Heads Must Roll
Byline: Gemma Cruz Araneta
IF heads do not roll because of scandalous cheating during the recent nurses' exams, history will not judge the present generation kindly. However, all is not lost as long as there are Filipinos who consistently resist the temptation of being dishonest. I received a consoling letter from one such a "voice in the wilderness." Mr. Rafael C. Santos of Manila started by sharing his adolescent memories: "Sensing that I was having a hard time answering, my seatmate offered to let me copy from him. I just thanked him. 'No, it's my fault. I did not study. It's ok if I get a low grade or even zero.' As expected, I failed the subject."
Years later, as a young bureaucrat, Mr. Santos remained steadfast: "My officemates got angry with me because I always registered my true time of arrival each time I came late (our department then had no bundy clock). Officemates arriving after me were automatically late also. One co-worker, a supervisor at that, reprimanded me for what I was doing, asking me not to write my time of arrival in the logbook whenever I arrived late so that all of the others coming after me would not also be late. Sad to say, the meaning of pakikisama has deteriorated to covering up wrong doings.'' Mr. Santos argued: "My parents taught me never to cheat in anything, big things or small things. Were you not taught by your parents too? My supervisor simply looked at me." You can be sure that if looks could kill, Mr. Santos would have died on the spot.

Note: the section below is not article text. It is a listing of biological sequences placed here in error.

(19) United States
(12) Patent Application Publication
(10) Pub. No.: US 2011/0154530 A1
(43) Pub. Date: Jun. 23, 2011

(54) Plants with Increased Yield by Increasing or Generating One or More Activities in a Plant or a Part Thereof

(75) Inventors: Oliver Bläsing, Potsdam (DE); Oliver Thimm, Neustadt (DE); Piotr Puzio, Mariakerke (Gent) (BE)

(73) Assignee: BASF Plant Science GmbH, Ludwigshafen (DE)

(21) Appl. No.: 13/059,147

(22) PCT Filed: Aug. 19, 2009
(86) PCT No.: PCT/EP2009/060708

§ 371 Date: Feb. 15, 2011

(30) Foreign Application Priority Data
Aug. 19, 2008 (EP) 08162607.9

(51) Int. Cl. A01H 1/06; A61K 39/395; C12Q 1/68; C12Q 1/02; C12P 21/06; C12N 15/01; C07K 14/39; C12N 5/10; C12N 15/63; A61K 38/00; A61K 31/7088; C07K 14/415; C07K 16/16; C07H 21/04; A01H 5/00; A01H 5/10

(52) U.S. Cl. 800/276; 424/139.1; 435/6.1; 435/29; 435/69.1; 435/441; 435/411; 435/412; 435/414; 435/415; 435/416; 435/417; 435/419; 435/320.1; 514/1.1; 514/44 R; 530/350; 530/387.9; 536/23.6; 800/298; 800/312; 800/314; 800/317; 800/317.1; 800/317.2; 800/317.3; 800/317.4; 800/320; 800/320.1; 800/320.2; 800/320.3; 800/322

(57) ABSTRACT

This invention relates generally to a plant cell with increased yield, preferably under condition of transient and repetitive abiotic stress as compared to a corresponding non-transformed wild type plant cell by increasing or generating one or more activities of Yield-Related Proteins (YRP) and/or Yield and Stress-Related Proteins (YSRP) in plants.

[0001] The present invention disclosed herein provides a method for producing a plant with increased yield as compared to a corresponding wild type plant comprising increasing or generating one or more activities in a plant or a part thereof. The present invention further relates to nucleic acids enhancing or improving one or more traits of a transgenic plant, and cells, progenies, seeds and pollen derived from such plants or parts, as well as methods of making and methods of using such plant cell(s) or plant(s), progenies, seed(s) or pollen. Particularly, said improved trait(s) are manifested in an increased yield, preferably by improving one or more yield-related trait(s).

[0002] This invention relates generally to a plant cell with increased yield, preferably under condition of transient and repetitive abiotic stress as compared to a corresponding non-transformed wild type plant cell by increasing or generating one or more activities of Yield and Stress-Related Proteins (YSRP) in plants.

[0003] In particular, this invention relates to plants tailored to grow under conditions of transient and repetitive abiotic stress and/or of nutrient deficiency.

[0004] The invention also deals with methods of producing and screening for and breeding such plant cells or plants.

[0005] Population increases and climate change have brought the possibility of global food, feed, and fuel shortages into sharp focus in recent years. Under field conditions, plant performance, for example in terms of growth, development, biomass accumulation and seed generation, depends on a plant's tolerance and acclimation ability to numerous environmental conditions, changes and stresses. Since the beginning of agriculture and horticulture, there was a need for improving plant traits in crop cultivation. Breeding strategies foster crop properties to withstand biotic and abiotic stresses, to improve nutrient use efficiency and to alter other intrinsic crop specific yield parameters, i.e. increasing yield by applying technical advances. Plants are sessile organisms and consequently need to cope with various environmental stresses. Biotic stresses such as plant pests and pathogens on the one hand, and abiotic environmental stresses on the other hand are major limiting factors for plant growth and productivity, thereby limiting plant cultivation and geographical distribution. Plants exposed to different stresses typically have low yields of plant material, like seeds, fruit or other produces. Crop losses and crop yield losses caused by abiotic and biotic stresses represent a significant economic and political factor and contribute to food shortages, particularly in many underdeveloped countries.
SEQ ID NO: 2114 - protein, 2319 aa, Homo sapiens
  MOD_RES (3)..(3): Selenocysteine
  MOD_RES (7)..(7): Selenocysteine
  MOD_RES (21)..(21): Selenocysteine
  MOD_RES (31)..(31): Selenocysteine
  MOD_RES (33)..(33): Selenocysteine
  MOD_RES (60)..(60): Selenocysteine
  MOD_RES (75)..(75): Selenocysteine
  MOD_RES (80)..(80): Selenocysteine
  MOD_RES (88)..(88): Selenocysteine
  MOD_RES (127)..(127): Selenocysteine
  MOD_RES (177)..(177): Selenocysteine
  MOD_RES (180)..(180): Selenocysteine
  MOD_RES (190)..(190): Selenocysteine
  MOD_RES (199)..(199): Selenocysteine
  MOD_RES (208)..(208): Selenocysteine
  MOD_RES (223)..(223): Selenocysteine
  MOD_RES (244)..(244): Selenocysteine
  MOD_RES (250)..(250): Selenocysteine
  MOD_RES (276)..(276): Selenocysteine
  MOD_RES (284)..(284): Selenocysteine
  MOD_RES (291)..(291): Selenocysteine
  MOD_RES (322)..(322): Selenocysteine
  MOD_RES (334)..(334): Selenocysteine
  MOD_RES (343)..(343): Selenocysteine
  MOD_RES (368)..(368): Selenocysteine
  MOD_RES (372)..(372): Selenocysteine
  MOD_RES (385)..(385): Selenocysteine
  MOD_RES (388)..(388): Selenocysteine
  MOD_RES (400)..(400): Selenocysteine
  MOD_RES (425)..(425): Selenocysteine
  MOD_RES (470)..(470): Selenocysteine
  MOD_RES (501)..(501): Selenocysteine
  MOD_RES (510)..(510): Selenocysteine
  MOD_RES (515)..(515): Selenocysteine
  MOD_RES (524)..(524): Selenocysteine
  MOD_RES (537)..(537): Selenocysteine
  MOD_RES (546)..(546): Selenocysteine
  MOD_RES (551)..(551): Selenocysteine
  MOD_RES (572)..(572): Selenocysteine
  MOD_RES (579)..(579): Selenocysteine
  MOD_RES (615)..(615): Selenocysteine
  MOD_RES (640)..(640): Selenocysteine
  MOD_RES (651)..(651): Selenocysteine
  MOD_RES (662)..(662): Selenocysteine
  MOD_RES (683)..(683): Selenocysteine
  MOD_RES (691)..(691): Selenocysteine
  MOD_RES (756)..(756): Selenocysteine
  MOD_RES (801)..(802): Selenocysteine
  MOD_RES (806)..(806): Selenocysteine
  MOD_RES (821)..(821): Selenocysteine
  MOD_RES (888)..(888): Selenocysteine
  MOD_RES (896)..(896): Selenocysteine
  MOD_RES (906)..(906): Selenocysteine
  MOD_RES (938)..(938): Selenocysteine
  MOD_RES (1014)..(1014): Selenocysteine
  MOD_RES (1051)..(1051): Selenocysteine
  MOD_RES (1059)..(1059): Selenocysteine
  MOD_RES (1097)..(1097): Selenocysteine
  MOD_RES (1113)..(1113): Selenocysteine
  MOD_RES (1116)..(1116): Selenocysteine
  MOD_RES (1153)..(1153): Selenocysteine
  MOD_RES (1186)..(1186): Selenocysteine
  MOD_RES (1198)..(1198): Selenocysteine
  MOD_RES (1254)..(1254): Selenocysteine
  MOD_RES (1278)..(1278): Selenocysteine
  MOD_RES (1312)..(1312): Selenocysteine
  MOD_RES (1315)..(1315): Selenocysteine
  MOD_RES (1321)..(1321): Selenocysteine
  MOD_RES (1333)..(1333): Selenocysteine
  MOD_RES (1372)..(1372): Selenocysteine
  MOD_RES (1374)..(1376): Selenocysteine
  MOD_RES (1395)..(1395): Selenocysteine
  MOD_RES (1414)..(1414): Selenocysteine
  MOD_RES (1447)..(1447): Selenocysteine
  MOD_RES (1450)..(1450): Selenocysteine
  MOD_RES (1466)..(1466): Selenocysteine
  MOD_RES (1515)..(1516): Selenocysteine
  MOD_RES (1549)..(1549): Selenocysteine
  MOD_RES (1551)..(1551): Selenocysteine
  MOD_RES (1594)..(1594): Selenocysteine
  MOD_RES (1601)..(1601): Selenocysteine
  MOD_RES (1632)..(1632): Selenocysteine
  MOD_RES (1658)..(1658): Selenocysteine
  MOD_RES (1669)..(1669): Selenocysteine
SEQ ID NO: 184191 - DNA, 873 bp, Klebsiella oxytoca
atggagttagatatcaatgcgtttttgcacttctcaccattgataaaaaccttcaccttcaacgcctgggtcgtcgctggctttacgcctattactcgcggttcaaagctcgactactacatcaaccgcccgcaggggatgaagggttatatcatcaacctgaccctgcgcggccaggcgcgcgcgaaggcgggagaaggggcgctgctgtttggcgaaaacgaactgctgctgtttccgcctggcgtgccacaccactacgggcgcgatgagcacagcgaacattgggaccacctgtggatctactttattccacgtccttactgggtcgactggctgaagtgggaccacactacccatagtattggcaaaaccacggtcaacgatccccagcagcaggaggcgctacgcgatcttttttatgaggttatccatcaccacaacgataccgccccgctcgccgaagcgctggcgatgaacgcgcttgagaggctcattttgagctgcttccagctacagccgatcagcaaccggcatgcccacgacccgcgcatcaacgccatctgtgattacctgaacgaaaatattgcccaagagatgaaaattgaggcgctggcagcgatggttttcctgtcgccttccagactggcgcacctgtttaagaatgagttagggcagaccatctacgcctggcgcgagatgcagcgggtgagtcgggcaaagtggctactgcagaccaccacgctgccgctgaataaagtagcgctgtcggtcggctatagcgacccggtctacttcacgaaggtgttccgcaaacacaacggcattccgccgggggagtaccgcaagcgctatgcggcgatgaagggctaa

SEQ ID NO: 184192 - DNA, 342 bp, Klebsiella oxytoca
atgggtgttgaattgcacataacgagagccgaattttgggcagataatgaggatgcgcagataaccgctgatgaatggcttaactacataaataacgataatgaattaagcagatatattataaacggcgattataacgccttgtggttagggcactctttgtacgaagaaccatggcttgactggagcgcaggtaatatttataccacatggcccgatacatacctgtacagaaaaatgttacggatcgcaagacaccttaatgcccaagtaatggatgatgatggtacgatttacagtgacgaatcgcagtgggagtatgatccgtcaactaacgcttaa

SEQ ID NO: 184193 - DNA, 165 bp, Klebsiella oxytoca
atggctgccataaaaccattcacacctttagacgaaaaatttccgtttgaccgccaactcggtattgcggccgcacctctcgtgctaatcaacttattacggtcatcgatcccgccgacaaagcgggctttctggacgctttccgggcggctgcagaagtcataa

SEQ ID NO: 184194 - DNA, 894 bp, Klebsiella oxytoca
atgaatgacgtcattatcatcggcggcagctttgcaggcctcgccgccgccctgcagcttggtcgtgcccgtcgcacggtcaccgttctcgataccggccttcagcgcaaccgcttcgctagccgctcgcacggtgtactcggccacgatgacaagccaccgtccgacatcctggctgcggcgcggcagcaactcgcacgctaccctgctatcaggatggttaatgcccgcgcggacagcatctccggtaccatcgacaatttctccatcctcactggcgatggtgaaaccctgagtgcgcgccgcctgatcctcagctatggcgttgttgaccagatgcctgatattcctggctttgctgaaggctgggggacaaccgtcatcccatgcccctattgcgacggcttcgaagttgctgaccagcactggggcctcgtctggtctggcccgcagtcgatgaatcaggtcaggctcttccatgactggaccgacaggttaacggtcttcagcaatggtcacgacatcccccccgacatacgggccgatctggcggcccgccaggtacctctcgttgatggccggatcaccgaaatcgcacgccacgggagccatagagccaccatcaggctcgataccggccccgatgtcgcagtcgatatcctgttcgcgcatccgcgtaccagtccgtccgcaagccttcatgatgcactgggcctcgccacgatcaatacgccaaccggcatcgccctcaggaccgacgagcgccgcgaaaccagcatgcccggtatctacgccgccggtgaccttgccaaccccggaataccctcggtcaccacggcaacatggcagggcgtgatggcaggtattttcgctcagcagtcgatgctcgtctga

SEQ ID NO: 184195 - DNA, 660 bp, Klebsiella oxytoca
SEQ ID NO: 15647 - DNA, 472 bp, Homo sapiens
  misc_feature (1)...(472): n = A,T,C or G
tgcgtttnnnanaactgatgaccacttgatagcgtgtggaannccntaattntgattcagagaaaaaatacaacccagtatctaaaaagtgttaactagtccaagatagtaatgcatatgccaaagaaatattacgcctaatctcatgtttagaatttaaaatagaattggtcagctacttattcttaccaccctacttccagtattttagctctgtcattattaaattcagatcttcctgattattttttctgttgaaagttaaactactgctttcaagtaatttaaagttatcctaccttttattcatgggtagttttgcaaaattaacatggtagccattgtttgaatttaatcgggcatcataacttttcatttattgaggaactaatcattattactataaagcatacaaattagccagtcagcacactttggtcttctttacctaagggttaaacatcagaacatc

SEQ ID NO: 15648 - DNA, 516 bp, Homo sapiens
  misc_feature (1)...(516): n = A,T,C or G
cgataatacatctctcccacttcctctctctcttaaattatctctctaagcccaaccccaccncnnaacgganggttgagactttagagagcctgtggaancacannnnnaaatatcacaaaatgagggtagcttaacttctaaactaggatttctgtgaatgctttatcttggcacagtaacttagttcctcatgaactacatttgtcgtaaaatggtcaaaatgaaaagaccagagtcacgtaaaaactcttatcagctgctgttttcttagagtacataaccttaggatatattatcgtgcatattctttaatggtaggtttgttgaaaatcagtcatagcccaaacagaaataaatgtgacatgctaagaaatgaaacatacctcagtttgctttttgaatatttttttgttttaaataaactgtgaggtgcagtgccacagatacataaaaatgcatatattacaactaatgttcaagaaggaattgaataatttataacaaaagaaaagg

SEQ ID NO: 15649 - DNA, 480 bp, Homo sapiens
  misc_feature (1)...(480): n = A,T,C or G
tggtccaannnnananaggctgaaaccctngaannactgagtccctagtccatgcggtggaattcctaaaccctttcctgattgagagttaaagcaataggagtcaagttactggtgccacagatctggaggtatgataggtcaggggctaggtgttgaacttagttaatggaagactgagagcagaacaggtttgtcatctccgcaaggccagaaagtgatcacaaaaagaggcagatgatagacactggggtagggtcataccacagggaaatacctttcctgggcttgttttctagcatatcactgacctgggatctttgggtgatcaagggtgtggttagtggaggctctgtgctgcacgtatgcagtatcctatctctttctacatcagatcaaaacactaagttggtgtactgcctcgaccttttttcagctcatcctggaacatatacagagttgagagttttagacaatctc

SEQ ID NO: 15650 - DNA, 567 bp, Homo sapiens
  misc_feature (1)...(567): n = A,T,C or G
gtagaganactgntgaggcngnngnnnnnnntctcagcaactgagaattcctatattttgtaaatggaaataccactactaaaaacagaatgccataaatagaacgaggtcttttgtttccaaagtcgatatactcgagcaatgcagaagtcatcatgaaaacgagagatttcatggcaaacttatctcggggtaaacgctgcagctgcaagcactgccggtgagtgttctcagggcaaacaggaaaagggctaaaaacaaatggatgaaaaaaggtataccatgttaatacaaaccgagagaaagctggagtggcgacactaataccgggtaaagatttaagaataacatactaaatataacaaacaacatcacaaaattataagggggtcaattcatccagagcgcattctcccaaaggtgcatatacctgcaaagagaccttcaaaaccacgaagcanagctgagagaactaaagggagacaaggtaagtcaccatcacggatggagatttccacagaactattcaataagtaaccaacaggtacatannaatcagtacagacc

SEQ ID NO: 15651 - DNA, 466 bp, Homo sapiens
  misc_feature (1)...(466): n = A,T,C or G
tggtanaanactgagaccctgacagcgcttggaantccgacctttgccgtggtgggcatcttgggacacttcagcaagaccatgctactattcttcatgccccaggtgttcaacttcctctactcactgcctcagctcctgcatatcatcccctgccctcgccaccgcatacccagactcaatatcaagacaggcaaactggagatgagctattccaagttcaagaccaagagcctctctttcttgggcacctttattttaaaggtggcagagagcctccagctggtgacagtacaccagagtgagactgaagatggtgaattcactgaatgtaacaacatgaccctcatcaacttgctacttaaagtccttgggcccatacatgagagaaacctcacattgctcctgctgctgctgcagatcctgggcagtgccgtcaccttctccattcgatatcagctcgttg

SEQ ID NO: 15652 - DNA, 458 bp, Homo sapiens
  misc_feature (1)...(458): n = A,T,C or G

His story does not end there: "Some two months ago, a background investigation was conducted on me by an official of the Civil Service Commission (CSC) as I am applying for the position of Director II. Many of those interviewed answered favorably. One of the interviewees, however, said something unfavorable (he was one of my former supervisors). …